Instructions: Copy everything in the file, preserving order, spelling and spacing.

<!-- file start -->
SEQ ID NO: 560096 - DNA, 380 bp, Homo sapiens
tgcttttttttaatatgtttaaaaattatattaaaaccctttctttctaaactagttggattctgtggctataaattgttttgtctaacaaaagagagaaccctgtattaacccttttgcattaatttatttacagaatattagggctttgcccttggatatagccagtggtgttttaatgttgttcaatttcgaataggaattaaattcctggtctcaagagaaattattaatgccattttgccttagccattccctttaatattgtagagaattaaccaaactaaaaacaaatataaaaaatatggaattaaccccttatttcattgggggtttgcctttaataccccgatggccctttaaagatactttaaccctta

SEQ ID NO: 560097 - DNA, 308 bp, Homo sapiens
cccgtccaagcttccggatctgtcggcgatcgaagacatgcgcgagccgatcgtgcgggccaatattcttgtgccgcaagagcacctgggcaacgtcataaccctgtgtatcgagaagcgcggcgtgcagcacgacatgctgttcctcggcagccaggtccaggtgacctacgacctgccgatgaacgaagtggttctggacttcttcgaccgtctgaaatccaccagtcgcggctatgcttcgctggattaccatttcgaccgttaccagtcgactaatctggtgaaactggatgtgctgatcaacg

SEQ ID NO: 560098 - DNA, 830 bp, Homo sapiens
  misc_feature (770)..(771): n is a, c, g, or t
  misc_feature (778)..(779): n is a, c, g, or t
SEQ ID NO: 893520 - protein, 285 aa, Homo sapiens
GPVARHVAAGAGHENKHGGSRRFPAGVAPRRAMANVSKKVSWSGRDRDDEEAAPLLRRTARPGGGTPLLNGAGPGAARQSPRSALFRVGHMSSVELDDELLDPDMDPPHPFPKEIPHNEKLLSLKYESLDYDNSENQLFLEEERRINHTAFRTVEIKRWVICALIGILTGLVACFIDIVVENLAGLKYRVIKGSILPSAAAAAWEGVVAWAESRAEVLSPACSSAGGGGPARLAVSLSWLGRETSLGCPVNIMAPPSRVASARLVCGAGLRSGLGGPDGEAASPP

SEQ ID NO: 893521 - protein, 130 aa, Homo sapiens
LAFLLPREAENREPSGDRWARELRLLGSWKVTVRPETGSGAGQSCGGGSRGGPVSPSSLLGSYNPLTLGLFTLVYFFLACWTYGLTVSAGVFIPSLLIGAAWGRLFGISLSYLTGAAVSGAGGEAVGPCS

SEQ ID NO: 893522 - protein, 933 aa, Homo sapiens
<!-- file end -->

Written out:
SEQ ID NO: 560096 - DNA, 380 bp, Homo sapiens
tgcttttttttaatatgtttaaaaattatattaaaaccctttctttctaaactagttggattctgtggctataaattgttttgtctaacaaaagagagaaccctgtattaacccttttgcattaatttatttacagaatattagggctttgcccttggatatagccagtggtgttttaatgttgttcaatttcgaataggaattaaattcctggtctcaagagaaattattaatgccattttgccttagccattccctttaatattgtagagaattaaccaaactaaaaacaaatataaaaaatatggaattaaccccttatttcattgggggtttgcctttaataccccgatggccctttaaagatactttaaccctta

SEQ ID NO: 560097 - DNA, 308 bp, Homo sapiens
cccgtccaagcttccggatctgtcggcgatcgaagacatgcgcgagccgatcgtgcgggccaatattcttgtgccgcaagagcacctgggcaacgtcataaccctgtgtatcgagaagcgcggcgtgcagcacgacatgctgttcctcggcagccaggtccaggtgacctacgacctgccgatgaacgaagtggttctggacttcttcgaccgtctgaaatccaccagtcgcggctatgcttcgctggattaccatttcgaccgttaccagtcgactaatctggtgaaactggatgtgctgatcaacg

SEQ ID NO: 560098 - DNA, 830 bp, Homo sapiens
  misc_feature (770)..(771): n is a, c, g, or t
  misc_feature (778)..(779): n is a, c, g, or t
SEQ ID NO: 893520 - protein, 285 aa, Homo sapiens
GPVARHVAAGAGHENKHGGSRRFPAGVAPRRAMANVSKKVSWSGRDRDDEEAAPLLRRTARPGGGTPLLNGAGPGAARQSPRSALFRVGHMSSVELDDELLDPDMDPPHPFPKEIPHNEKLLSLKYESLDYDNSENQLFLEEERRINHTAFRTVEIKRWVICALIGILTGLVACFIDIVVENLAGLKYRVIKGSILPSAAAAAWEGVVAWAESRAEVLSPACSSAGGGGPARLAVSLSWLGRETSLGCPVNIMAPPSRVASARLVCGAGLRSGLGGPDGEAASPP

SEQ ID NO: 893521 - protein, 130 aa, Homo sapiens
LAFLLPREAENREPSGDRWARELRLLGSWKVTVRPETGSGAGQSCGGGSRGGPVSPSSLLGSYNPLTLGLFTLVYFFLACWTYGLTVSAGVFIPSLLIGAAWGRLFGISLSYLTGAAVSGAGGEAVGPCS

SEQ ID NO: 893522 - protein, 933 aa, Homo sapiens